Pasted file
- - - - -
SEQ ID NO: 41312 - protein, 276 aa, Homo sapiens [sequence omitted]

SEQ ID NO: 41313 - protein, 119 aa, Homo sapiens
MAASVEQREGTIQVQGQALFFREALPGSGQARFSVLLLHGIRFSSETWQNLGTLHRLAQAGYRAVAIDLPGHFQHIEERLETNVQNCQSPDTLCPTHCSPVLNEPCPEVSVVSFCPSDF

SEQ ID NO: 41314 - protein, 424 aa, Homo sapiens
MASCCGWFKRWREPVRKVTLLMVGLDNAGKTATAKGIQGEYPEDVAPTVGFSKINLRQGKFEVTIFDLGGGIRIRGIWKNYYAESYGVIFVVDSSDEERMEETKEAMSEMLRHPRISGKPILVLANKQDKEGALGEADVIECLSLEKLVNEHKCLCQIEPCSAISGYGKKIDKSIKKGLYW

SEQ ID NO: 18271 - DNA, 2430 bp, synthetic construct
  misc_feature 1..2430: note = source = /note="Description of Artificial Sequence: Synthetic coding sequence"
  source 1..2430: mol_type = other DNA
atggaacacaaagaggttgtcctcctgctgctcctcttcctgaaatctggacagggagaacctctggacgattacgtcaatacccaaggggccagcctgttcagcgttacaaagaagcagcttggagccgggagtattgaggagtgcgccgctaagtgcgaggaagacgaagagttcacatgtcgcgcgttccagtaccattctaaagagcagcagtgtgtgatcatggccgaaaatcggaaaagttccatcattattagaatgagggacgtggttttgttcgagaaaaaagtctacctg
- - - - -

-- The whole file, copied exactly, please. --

SEQ ID NO: 41312 - protein, 276 aa, Homo sapiens [sequence omitted]

SEQ ID NO: 41313 - protein, 119 aa, Homo sapiens
MAASVEQREGTIQVQGQALFFREALPGSGQARFSVLLLHGIRFSSETWQNLGTLHRLAQAGYRAVAIDLPGHFQHIEERLETNVQNCQSPDTLCPTHCSPVLNEPCPEVSVVSFCPSDF

SEQ ID NO: 41314 - protein, 424 aa, Homo sapiens
MASCCGWFKRWREPVRKVTLLMVGLDNAGKTATAKGIQGEYPEDVAPTVGFSKINLRQGKFEVTIFDLGGGIRIRGIWKNYYAESYGVIFVVDSSDEERMEETKEAMSEMLRHPRISGKPILVLANKQDKEGALGEADVIECLSLEKLVNEHKCLCQIEPCSAISGYGKKIDKSIKKGLYW

SEQ ID NO: 18271 - DNA, 2430 bp, synthetic construct
  misc_feature 1..2430: note = source = /note="Description of Artificial Sequence: Synthetic coding sequence"
  source 1..2430: mol_type = other DNA
atggaacacaaagaggttgtcctcctgctgctcctcttcctgaaatctggacagggagaacctctggacgattacgtcaatacccaaggggccagcctgttcagcgttacaaagaagcagcttggagccgggagtattgaggagtgcgccgctaagtgcgaggaagacgaagagttcacatgtcgcgcgttccagtaccattctaaagagcagcagtgtgtgatcatggccgaaaatcggaaaagttccatcattattagaatgagggacgtggttttgttcgagaaaaaagtctacctg